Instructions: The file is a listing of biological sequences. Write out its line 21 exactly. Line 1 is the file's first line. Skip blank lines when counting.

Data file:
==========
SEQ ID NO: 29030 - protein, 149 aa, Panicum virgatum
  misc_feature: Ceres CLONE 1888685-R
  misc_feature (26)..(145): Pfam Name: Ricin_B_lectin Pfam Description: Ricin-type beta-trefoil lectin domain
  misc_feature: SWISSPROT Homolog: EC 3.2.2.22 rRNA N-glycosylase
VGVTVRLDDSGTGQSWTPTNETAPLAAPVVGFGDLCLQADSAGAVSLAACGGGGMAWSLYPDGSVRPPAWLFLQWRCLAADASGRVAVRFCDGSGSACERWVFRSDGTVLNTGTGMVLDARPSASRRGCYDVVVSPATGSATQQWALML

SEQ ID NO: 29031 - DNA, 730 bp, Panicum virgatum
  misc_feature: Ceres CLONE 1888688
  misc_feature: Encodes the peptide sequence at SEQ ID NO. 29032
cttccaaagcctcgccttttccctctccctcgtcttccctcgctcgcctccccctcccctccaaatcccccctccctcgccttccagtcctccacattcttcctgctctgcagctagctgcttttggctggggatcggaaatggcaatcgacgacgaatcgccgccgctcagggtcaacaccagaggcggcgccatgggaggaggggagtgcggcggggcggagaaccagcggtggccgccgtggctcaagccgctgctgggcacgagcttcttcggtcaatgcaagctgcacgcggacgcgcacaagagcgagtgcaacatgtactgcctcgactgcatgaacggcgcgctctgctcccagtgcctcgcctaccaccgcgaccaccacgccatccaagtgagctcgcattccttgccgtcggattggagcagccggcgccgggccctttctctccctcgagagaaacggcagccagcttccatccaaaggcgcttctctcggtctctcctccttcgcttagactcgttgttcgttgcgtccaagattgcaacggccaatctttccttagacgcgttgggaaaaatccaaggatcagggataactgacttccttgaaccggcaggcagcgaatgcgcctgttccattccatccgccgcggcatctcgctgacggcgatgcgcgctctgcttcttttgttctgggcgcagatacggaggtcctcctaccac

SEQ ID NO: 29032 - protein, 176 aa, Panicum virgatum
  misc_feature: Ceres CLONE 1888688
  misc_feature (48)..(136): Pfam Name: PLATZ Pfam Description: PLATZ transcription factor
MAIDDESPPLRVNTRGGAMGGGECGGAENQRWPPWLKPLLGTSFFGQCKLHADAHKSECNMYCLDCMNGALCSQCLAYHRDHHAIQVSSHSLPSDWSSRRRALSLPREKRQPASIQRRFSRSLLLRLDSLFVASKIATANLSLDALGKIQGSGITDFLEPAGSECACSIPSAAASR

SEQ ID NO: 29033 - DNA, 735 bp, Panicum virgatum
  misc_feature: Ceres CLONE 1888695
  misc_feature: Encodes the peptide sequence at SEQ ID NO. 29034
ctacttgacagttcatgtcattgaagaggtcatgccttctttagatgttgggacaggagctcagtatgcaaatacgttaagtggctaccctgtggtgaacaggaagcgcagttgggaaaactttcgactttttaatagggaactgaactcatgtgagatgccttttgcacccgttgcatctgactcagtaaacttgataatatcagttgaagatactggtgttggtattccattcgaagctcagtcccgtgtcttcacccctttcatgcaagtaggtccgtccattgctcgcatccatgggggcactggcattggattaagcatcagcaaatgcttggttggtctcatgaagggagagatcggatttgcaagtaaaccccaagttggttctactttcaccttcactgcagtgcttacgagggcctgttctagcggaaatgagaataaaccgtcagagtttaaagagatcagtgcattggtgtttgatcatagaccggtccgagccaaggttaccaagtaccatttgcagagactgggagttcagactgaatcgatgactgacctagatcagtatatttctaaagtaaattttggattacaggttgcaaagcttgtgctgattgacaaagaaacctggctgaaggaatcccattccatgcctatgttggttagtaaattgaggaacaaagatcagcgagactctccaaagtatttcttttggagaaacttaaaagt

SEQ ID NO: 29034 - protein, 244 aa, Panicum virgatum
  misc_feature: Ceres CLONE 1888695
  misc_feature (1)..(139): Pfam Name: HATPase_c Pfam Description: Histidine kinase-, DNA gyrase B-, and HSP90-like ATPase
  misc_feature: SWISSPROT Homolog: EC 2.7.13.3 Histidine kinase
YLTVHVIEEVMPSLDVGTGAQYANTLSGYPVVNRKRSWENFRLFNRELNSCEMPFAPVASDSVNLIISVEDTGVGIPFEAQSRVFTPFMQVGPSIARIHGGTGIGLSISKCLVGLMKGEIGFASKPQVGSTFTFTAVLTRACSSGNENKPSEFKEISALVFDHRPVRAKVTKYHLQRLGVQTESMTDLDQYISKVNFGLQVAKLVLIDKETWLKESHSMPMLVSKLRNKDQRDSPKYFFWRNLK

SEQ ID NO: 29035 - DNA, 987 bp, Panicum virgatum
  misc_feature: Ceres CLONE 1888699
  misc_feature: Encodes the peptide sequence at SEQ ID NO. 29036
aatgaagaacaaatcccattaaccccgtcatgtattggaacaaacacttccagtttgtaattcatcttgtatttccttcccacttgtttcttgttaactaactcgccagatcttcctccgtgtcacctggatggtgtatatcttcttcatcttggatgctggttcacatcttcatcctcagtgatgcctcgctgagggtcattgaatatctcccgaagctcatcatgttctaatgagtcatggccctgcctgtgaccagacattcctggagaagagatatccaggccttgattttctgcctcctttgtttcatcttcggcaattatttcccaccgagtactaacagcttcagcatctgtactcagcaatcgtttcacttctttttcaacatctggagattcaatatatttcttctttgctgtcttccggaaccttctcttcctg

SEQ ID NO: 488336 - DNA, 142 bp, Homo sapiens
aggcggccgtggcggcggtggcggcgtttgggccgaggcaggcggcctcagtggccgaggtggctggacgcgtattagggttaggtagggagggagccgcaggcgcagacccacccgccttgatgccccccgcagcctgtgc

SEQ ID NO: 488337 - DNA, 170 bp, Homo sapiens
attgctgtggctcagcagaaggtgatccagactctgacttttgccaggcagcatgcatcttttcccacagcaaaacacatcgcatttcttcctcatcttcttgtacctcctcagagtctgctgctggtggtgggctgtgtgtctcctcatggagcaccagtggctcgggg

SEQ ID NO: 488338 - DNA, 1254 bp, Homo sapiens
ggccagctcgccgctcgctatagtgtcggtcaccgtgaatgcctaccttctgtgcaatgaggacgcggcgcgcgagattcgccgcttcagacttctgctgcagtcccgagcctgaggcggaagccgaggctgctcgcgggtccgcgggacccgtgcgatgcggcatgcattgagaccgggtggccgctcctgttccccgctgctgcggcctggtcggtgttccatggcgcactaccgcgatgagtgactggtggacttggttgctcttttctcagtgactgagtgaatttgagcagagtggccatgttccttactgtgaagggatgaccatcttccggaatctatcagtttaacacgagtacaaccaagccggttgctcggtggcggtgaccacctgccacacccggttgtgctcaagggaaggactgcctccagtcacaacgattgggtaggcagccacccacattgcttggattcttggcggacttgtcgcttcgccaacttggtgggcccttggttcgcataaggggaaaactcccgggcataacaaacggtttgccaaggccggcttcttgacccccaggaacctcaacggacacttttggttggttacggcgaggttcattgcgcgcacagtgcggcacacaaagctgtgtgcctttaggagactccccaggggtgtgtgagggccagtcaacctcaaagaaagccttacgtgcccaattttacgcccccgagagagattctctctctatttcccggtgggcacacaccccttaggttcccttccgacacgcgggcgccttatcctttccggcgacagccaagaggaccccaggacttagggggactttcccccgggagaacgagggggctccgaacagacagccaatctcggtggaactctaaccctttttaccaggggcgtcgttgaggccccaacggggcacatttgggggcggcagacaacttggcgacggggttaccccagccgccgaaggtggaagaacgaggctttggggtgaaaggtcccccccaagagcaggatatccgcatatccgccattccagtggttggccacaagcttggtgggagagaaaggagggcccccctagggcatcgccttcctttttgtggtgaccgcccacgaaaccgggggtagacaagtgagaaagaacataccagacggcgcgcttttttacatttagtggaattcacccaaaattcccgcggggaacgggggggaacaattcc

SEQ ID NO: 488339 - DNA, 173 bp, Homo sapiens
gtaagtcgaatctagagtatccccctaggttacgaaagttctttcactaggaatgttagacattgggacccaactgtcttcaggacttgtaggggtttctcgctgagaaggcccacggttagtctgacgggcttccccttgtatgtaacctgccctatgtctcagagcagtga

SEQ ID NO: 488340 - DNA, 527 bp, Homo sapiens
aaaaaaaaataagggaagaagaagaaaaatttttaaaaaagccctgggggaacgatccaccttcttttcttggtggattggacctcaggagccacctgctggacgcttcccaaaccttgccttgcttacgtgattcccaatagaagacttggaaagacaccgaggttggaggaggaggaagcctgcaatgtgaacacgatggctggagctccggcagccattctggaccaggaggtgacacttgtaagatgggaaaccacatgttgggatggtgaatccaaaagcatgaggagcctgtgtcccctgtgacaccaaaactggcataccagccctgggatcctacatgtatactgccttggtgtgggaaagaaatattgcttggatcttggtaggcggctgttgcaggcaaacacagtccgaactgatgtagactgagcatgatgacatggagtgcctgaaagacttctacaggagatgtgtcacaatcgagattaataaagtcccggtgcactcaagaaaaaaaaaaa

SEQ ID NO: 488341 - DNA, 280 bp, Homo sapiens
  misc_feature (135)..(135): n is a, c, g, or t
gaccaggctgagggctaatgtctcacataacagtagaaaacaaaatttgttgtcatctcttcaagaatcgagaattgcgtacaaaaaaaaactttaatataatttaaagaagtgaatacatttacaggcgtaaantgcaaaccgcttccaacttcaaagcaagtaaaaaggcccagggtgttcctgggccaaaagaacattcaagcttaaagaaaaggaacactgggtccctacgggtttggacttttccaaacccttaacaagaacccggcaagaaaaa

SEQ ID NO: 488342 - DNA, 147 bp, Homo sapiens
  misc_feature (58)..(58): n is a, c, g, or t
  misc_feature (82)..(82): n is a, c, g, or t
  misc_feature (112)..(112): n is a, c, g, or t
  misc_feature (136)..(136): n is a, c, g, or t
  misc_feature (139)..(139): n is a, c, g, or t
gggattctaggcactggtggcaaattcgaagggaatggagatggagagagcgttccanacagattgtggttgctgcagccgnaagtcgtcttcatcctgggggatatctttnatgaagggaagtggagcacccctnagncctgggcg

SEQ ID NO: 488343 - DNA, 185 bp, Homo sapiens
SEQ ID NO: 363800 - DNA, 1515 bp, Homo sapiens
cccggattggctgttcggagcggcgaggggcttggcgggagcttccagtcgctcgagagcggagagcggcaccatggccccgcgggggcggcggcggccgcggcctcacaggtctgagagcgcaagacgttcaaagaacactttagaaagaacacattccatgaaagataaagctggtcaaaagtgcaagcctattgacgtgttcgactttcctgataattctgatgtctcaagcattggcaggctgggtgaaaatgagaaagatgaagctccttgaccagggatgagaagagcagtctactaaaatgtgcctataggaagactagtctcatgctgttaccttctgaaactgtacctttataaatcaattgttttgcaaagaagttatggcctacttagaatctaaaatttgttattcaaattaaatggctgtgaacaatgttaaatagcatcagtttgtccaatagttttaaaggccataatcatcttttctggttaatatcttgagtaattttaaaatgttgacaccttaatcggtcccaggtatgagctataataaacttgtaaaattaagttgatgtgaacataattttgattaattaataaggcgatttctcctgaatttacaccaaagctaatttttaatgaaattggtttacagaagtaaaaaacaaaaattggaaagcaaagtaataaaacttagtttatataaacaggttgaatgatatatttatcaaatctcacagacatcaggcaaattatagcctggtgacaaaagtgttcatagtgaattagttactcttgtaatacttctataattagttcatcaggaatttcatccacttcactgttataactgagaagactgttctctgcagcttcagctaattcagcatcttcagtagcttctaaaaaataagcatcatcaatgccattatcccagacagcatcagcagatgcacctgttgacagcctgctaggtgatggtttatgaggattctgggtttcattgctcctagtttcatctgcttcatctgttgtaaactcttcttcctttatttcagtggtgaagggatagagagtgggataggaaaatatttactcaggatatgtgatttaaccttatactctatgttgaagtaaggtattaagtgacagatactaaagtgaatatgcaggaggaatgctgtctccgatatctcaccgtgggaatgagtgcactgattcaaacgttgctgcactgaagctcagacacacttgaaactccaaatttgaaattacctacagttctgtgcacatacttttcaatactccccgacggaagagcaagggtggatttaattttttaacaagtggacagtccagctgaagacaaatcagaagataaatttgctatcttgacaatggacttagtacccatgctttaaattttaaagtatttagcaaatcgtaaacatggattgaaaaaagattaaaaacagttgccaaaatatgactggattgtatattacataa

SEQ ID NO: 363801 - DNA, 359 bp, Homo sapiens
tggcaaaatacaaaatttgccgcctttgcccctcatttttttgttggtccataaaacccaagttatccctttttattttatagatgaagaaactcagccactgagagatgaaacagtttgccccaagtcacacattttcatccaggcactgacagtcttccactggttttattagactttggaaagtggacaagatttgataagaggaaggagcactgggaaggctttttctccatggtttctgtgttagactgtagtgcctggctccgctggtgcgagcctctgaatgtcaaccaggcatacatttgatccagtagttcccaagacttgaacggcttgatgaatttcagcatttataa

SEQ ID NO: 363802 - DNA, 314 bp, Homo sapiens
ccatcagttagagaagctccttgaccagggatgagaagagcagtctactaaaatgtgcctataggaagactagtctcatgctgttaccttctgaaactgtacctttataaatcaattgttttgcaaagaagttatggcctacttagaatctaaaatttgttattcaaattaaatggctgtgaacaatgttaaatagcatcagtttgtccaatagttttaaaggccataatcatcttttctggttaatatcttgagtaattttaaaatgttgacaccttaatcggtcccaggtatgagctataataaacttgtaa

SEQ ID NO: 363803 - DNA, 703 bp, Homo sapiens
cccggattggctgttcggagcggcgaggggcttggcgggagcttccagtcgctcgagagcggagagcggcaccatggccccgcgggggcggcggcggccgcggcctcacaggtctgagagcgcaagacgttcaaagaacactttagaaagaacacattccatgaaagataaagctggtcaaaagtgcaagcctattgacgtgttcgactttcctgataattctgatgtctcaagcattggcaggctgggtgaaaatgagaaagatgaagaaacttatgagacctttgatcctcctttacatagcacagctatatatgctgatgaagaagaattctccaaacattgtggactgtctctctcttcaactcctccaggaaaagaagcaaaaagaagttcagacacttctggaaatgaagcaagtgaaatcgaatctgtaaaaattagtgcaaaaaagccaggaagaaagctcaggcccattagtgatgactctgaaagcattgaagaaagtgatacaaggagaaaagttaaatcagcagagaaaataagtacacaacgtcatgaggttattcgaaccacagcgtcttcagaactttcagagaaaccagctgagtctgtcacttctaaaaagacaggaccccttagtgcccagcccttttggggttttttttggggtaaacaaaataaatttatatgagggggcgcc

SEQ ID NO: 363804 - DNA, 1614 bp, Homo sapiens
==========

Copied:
  misc_feature: SWISSPROT Homolog: EC 2.7.13.3 Histidine kinase